The Bronx to host pie affair this fall
by Nicole Levy AMNY June 27, 2018
Eat your way around the country’s top pizzerias on one Bronx street this fall. As many as 30 pizza makers from across the U.S., and a small contingent from Naples, Italy, will sell tastes of their signature pies and slices during the first-ever New York Pizza Festival.
The outdoor festival, taking place on Crescent Avenue in Belmont’s Little Italy district over Columbus Day weekend, is modeled after one of the world’s largest celebrations of cheese-y, saucy flatbread — the Napoli Pizza Village in Naples.
“Our idea was to have a similar concept to what’s overseas: a two-day celebration to bring some of the most renowned pizza makers from around the U.S…. to have these stands lining the street in New York, where people can come and enjoy and try these expressions of pizza,” said Fred Mortati, 52, an Italian foods importer whose Financial District based group Pizza Academy Foundation is organizing the event with the Belmont Business Improvement District.
A fixture at the Naples event, famed pizzaiolo Gino Sorbillo — who opened his eponymous pizzeria in NYC last year — will be one of the participants at the New York Pizza Festival. “The pizza world is strong all over the world, especially in New York, and after Napoli Pizza Village, New York will be another great spectacle and pizza community gathering,” he said in a statement.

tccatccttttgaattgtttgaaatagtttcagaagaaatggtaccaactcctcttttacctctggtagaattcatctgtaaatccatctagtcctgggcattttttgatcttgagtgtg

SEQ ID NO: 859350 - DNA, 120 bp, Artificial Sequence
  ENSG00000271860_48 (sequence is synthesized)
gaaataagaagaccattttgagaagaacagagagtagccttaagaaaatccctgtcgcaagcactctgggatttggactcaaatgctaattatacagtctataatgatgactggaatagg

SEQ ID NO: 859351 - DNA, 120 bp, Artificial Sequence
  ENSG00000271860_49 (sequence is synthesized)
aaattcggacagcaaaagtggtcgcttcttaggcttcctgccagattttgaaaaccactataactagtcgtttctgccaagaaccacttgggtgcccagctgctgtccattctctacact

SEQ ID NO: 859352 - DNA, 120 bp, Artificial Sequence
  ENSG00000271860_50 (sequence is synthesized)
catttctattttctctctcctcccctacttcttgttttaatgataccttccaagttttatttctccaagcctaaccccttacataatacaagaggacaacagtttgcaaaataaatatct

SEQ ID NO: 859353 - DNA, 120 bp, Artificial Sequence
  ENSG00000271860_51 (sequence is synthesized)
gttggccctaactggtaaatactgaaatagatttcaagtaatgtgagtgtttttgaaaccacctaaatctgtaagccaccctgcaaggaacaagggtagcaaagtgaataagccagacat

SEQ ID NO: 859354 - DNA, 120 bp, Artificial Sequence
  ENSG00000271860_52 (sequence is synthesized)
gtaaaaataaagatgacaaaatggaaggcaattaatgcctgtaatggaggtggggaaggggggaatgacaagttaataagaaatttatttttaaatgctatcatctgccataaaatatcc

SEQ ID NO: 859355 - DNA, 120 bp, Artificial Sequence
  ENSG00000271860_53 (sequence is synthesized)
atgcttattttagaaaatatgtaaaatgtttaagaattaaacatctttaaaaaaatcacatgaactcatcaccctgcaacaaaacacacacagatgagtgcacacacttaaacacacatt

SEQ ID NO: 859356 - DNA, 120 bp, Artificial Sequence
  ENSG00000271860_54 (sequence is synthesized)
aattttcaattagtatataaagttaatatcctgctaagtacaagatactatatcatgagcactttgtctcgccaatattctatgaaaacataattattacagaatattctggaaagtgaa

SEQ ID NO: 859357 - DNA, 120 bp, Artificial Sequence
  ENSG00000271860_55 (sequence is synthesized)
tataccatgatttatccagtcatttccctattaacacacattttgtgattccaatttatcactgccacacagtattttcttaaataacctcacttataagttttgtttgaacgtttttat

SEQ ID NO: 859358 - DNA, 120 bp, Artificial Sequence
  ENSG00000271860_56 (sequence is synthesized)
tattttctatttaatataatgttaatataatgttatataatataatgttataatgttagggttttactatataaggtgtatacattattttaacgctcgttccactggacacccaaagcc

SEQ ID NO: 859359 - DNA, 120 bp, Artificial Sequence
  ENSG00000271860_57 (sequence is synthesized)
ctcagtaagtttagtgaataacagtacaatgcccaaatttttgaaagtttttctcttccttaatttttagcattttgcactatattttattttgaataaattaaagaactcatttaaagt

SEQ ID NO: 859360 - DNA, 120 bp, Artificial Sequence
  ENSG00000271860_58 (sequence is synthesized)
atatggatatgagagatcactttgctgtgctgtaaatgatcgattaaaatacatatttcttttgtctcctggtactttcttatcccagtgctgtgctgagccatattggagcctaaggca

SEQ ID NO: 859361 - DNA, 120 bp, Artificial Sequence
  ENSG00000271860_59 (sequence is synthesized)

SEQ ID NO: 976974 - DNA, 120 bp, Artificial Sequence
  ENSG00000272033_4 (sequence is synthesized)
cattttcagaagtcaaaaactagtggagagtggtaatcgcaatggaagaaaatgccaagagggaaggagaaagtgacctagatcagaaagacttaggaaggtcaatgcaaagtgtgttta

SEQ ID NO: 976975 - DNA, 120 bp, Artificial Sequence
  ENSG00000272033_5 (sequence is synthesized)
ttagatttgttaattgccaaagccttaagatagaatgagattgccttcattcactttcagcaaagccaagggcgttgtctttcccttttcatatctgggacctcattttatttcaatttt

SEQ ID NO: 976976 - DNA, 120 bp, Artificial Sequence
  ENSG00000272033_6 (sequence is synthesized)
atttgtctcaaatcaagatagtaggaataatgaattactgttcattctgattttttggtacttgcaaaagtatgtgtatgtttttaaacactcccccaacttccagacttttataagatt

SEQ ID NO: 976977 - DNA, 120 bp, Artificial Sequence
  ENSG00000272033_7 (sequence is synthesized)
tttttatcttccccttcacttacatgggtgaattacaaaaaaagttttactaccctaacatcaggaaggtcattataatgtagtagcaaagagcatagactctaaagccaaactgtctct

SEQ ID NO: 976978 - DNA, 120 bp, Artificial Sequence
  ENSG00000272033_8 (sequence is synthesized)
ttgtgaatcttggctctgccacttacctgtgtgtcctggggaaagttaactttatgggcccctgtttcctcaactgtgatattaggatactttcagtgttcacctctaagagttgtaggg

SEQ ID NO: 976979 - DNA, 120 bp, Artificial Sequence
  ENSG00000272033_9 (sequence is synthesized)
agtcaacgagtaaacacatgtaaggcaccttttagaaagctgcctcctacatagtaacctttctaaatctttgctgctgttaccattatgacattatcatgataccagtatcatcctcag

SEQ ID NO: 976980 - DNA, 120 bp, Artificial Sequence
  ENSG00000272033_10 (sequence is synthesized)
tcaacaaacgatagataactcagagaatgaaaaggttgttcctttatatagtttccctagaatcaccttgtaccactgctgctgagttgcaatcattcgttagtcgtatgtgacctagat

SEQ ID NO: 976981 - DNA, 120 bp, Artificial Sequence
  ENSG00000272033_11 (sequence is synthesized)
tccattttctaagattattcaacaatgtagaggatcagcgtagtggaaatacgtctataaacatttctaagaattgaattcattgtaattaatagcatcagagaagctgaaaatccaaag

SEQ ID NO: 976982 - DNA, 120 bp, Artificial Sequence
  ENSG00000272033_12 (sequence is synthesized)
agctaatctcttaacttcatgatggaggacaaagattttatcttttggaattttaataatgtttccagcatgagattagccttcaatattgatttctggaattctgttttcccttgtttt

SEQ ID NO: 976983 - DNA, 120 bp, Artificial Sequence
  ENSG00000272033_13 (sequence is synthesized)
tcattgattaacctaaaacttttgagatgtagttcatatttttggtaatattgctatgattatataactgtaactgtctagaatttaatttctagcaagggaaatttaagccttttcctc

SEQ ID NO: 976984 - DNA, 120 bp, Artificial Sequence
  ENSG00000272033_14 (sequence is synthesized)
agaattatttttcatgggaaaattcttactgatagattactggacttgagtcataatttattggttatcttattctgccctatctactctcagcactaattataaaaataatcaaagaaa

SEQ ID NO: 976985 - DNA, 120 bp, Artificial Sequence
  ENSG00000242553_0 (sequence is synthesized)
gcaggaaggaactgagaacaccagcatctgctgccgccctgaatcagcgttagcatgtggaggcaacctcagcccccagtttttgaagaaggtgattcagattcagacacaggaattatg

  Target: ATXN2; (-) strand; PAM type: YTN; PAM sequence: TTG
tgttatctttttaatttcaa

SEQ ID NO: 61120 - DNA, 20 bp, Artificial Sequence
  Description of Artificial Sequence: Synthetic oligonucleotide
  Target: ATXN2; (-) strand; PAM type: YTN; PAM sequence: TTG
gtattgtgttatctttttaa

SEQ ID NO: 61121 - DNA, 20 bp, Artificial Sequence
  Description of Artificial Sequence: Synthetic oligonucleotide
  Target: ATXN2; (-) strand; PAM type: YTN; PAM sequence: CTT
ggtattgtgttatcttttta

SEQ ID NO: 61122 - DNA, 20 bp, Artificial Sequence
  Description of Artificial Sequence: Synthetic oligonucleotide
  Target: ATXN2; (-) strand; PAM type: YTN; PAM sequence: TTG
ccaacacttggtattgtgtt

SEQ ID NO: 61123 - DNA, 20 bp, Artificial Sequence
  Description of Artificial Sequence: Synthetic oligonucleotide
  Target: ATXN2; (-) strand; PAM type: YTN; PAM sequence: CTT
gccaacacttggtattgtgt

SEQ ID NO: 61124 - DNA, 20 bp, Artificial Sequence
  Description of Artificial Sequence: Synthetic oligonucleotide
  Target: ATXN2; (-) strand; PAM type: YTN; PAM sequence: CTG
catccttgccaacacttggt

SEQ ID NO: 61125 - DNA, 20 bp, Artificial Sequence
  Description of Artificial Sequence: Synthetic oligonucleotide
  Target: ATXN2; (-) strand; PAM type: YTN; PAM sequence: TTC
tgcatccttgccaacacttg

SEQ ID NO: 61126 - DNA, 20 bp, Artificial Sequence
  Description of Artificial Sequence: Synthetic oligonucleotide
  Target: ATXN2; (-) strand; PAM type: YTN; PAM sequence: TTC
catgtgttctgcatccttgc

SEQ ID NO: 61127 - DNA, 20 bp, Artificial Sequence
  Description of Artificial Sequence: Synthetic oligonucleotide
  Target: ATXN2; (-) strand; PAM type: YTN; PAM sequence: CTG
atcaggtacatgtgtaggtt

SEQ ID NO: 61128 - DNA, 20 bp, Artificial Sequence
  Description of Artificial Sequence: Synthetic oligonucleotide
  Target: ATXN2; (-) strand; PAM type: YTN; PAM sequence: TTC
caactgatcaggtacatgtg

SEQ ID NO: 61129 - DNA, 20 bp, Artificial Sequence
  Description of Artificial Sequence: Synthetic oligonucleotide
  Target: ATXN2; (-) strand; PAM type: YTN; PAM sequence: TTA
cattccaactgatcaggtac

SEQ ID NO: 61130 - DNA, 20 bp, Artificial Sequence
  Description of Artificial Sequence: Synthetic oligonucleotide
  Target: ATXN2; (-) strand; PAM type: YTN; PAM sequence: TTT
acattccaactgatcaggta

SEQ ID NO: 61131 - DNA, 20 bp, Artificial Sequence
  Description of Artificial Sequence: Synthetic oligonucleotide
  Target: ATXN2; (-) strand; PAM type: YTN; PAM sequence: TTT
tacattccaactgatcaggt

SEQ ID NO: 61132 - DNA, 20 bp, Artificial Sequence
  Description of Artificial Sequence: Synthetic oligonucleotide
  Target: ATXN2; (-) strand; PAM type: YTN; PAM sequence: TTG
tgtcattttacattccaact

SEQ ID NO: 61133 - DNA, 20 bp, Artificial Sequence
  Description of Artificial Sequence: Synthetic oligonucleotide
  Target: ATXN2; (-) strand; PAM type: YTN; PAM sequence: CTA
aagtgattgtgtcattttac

Pizzerias thus far committed to visiting what Mortati called “arguably the number one city for pizza, after Naples” include: San Francisco’s Tony’s Pizza Napoletana, from 12-time World Pizza Champion Tony Gemignani; Seattle’s Tutta Bella Neapolitan Pizzeria; Atlanta’s The Local Pizzaiolo, from Giulio Adriani, the four-time World Pizza Champion behind Forcella in New York; and Chicago’s Spacca Napoli.
New York favorites like Kesté Pizza & Vino, Denino’s and Speedy Romeo are also on the lineup curated by local pizza historian and tour guide Scott Wiener and Pizza Today magazine’s Peter LaChappelle.
While there appears to be an initial emphasis on Neapolitan-style pies — the most traditional of which are prepared with cheese, tomatoes and flour imported from Italy and baked quickly in wood-fired ovens for a spotty crust with a wet center — Mortati promised pizza aficionados variety.
“Each restaurant has their own beliefs and styles and makes the product they want to make,” he said.
“There are participants who follow a very authentic Neapolitan tradition. Then there are going to be participants that have a New York style product that use different ingredients and different techniques, so I think you’re going to see a lot of everything.”